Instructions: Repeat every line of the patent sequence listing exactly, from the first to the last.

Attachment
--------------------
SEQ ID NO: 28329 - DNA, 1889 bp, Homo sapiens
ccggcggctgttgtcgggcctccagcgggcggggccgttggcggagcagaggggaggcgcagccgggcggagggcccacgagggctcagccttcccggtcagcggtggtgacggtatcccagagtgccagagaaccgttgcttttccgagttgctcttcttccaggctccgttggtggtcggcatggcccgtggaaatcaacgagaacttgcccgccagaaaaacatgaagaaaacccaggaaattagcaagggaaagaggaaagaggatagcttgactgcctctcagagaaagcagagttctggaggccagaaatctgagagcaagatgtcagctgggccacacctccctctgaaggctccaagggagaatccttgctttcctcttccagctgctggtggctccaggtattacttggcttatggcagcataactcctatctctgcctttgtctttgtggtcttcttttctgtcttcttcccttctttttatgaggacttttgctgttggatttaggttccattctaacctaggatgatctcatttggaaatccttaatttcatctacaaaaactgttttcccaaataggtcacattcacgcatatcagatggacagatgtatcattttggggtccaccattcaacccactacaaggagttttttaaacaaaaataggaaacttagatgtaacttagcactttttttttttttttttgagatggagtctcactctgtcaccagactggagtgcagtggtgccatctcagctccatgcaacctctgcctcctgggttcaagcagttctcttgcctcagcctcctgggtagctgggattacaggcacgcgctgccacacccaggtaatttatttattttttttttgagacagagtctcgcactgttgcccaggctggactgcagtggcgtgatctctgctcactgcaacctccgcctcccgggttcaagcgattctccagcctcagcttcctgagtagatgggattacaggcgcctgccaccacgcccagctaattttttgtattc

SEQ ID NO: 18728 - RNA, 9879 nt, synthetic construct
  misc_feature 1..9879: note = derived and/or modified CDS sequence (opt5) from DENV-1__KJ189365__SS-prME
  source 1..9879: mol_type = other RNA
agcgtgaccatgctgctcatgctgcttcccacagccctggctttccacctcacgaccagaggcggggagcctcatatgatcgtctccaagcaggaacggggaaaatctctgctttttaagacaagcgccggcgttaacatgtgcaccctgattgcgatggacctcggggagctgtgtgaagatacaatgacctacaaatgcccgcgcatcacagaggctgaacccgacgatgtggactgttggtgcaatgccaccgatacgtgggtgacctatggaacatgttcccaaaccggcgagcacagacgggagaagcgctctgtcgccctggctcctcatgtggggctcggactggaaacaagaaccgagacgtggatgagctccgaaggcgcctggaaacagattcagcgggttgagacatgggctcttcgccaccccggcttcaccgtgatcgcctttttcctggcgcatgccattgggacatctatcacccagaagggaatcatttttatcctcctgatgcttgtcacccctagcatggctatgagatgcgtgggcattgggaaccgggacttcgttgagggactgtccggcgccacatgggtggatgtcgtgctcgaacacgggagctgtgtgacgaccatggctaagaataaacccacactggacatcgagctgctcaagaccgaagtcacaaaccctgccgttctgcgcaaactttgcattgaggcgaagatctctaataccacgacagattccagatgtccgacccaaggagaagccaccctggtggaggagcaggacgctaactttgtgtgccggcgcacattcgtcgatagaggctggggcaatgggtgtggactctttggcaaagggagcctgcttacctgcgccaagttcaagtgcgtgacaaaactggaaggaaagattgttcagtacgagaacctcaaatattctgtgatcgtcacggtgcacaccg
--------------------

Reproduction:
SEQ ID NO: 28329 - DNA, 1889 bp, Homo sapiens
ccggcggctgttgtcgggcctccagcgggcggggccgttggcggagcagaggggaggcgcagccgggcggagggcccacgagggctcagccttcccggtcagcggtggtgacggtatcccagagtgccagagaaccgttgcttttccgagttgctcttcttccaggctccgttggtggtcggcatggcccgtggaaatcaacgagaacttgcccgccagaaaaacatgaagaaaacccaggaaattagcaagggaaagaggaaagaggatagcttgactgcctctcagagaaagcagagttctggaggccagaaatctgagagcaagatgtcagctgggccacacctccctctgaaggctccaagggagaatccttgctttcctcttccagctgctggtggctccaggtattacttggcttatggcagcataactcctatctctgcctttgtctttgtggtcttcttttctgtcttcttcccttctttttatgaggacttttgctgttggatttaggttccattctaacctaggatgatctcatttggaaatccttaatttcatctacaaaaactgttttcccaaataggtcacattcacgcatatcagatggacagatgtatcattttggggtccaccattcaacccactacaaggagttttttaaacaaaaataggaaacttagatgtaacttagcactttttttttttttttttgagatggagtctcactctgtcaccagactggagtgcagtggtgccatctcagctccatgcaacctctgcctcctgggttcaagcagttctcttgcctcagcctcctgggtagctgggattacaggcacgcgctgccacacccaggtaatttatttattttttttttgagacagagtctcgcactgttgcccaggctggactgcagtggcgtgatctctgctcactgcaacctccgcctcccgggttcaagcgattctccagcctcagcttcctgagtagatgggattacaggcgcctgccaccacgcccagctaattttttgtattc

SEQ ID NO: 18728 - RNA, 9879 nt, synthetic construct
  misc_feature 1..9879: note = derived and/or modified CDS sequence (opt5) from DENV-1__KJ189365__SS-prME
  source 1..9879: mol_type = other RNA
agcgtgaccatgctgctcatgctgcttcccacagccctggctttccacctcacgaccagaggcggggagcctcatatgatcgtctccaagcaggaacggggaaaatctctgctttttaagacaagcgccggcgttaacatgtgcaccctgattgcgatggacctcggggagctgtgtgaagatacaatgacctacaaatgcccgcgcatcacagaggctgaacccgacgatgtggactgttggtgcaatgccaccgatacgtgggtgacctatggaacatgttcccaaaccggcgagcacagacgggagaagcgctctgtcgccctggctcctcatgtggggctcggactggaaacaagaaccgagacgtggatgagctccgaaggcgcctggaaacagattcagcgggttgagacatgggctcttcgccaccccggcttcaccgtgatcgcctttttcctggcgcatgccattgggacatctatcacccagaagggaatcatttttatcctcctgatgcttgtcacccctagcatggctatgagatgcgtgggcattgggaaccgggacttcgttgagggactgtccggcgccacatgggtggatgtcgtgctcgaacacgggagctgtgtgacgaccatggctaagaataaacccacactggacatcgagctgctcaagaccgaagtcacaaaccctgccgttctgcgcaaactttgcattgaggcgaagatctctaataccacgacagattccagatgtccgacccaaggagaagccaccctggtggaggagcaggacgctaactttgtgtgccggcgcacattcgtcgatagaggctggggcaatgggtgtggactctttggcaaagggagcctgcttacctgcgccaagttcaagtgcgtgacaaaactggaaggaaagattgttcagtacgagaacctcaaatattctgtgatcgtcacggtgcacaccg